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HARPER: Beware of big media myths about the Big Game
Question of the Day
As the hype over the Super Bowl heats up, you’re likely to hear analyses, strategies, statistics and some outright myths from journalists surrounding the Big Game. Here’s a cheat sheet on which to take with a very large grain of salt:
Myth No. 1: More women suffer domestic abuse on Super Bowl Sunday than any other day of the year.
This myth, propagated 20 years ago, still manages to get an annual airing. The group Fairness and Accuracy in Reporting held a news conference before the 1993 game to announce this “finding,” and a subsequent mailing convinced many reporters the reports were true. Robert Lipsyte of The New York Times referred to the game as the “Abuse Bowl.” The report appeared in newspapers throughout the country and continues to be cited.
Subsequent investigation showed the research to be untrue when the authors of a study on which the claim was based came forward, saying Super Bowl Sunday was no worse than most days. Furthermore, a 2006 study in the “Handbook of Sports and Media” examined domestic violence police dispatches in 15 NFL cities. The researchers found only a slight rise in domestic violence on or after the Super Bowl. By comparison, they found an increase of nearly five times the normal rate around holidays like Christmas. Longtime researchers Barbara and David P. Mikkelson provide more information at snopes.com.
Myth No. 2: Suicides increase, particularly among followers of the losing team. Psychologist Thomas Joiner and fellow researchers investigated whether membership in a group, such as supporters of a sports team, resulted in changes in suicide rates. The researchers found fewer suicides occurred on Super Bowl Sundays than on other Sundays.
Myth No. 3: The water systems of the United States face massive overloads at halftime because of increased toilet flushing. It is true Salt Lake City suffered the breakdown of a 16-inch pipeline during the 1984 Super Bowl, but the incident had nothing to do with the football game, said Leroy Hooton, the director of the city’s public utilities at the time. “It’s a very good story,” Mr. Hooton said. “There just doesn’t seem to be any truth behind it.” But the myth has been repeated so frequently, it has become a “fact.”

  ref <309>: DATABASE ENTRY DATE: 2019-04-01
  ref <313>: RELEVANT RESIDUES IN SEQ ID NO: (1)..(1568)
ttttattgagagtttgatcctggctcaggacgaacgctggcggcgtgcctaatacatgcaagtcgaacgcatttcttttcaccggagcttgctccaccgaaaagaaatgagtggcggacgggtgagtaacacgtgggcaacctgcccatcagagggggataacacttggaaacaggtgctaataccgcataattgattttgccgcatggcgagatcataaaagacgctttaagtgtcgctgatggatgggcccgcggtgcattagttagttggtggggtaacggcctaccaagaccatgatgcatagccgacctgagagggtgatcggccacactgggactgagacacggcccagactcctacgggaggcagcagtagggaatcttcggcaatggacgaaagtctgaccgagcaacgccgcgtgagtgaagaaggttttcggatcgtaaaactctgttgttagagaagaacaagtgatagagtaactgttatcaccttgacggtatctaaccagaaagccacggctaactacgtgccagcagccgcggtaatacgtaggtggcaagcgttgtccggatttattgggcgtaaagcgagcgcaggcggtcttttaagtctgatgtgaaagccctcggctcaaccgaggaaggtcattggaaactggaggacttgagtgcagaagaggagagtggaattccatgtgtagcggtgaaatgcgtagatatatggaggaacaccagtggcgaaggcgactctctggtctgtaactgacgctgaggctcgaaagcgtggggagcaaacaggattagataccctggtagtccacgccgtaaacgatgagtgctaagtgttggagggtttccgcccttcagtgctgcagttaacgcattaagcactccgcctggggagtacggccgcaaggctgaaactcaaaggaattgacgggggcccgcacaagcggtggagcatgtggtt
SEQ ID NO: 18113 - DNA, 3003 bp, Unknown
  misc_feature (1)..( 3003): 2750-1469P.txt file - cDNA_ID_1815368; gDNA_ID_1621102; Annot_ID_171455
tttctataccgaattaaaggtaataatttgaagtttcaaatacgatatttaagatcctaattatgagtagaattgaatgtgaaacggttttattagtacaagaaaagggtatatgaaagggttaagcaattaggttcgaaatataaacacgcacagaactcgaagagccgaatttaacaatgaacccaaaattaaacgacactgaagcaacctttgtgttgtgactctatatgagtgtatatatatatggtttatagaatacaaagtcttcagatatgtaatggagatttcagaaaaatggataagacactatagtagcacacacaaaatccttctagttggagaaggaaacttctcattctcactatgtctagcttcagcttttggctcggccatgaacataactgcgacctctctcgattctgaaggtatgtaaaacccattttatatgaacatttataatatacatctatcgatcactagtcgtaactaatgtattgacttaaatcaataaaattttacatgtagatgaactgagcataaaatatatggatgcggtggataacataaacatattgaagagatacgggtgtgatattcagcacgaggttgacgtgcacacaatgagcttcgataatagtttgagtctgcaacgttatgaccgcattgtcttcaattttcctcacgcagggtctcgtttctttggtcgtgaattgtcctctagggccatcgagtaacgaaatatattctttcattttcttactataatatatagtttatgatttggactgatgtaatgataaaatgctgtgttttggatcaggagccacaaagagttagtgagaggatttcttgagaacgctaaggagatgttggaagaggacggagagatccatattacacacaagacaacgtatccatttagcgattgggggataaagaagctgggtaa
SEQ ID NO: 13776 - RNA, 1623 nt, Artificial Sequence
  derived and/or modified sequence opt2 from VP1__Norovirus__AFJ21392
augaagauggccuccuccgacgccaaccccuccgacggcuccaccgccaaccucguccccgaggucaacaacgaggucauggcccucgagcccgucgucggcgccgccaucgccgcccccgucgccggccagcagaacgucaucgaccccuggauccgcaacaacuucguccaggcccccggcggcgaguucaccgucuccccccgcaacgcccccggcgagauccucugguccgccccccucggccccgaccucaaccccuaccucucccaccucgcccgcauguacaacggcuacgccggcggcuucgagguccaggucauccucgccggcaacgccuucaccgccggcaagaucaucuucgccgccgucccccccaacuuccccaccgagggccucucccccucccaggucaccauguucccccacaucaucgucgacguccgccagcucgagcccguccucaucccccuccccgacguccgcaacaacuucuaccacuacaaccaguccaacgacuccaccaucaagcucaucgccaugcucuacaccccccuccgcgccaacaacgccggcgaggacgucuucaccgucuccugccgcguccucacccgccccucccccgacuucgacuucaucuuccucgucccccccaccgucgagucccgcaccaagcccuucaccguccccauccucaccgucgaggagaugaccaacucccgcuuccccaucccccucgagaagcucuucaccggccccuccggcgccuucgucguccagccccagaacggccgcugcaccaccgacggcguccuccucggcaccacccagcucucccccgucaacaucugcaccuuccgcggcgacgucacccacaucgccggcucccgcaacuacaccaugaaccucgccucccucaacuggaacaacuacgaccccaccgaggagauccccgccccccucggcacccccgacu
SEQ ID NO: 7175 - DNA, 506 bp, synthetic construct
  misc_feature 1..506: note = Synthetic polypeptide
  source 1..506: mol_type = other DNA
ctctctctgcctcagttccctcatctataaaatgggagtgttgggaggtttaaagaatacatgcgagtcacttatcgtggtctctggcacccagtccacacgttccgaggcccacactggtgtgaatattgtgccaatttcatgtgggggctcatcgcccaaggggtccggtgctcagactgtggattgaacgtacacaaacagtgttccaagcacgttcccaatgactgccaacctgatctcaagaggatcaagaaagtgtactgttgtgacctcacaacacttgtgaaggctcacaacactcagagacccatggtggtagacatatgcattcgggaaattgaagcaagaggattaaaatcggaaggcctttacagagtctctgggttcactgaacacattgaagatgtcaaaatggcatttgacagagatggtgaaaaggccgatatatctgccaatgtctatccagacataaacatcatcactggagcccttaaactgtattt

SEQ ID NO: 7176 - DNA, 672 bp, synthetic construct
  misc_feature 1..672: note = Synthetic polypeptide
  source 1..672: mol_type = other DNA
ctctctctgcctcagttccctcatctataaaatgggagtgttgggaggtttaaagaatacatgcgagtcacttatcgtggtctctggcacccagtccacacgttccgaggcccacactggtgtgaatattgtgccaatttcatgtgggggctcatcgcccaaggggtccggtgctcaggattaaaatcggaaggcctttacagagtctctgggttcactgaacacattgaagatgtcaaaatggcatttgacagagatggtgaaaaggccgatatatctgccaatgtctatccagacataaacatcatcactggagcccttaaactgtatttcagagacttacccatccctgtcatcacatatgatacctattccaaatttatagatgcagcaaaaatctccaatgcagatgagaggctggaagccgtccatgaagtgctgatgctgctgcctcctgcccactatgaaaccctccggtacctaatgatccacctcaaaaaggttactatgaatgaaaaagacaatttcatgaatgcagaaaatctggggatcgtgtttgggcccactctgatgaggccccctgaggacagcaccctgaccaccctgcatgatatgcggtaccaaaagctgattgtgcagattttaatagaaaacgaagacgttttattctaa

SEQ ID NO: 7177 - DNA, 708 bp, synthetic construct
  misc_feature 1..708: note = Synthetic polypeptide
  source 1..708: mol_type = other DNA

Myth No. 4: More than a billion people watch the Super Bowl. That would be roughly one-seventh of the total world population. Even though the football game is broadcast to more than 200 countries, only about one-seventh of the world population can actually view the game. While the game is the No. 1 television event of the year in the United States, the estimated audience here was slightly more than 111 million last year.
Myth No. 5: The Super Bowl is an exciting game. Almost every sports fan knows this one: Only 15 of the 46 previous games have been decided by seven points or fewer.
Alongside the myths, however, there are some truths. More pizzas are delivered on Super Bowl Sundays than any other day of the year. More fatal traffic accidents occur after the game, particularly in the cities that have teams participating in the game. And more people suffer heart attacks than on average, according to Psych Central.
So enjoy the game and keep this cheat sheet handy to debunk the myths. Drink responsibly, drive safely and stay calm.
• Christopher Harper is a professor at Temple University. He worked for more than 20 years at the Associated Press, Newsweek, ABC News and “20/20.” He can be contacted at firstname.lastname@example.org.
About the Author
Christopher Harper is a professor of journalism at Temple University. He worked for The Associated Press, Newsweek, ABC News and “20/20” for more than 20 years. He can be contacted at email@example.com.
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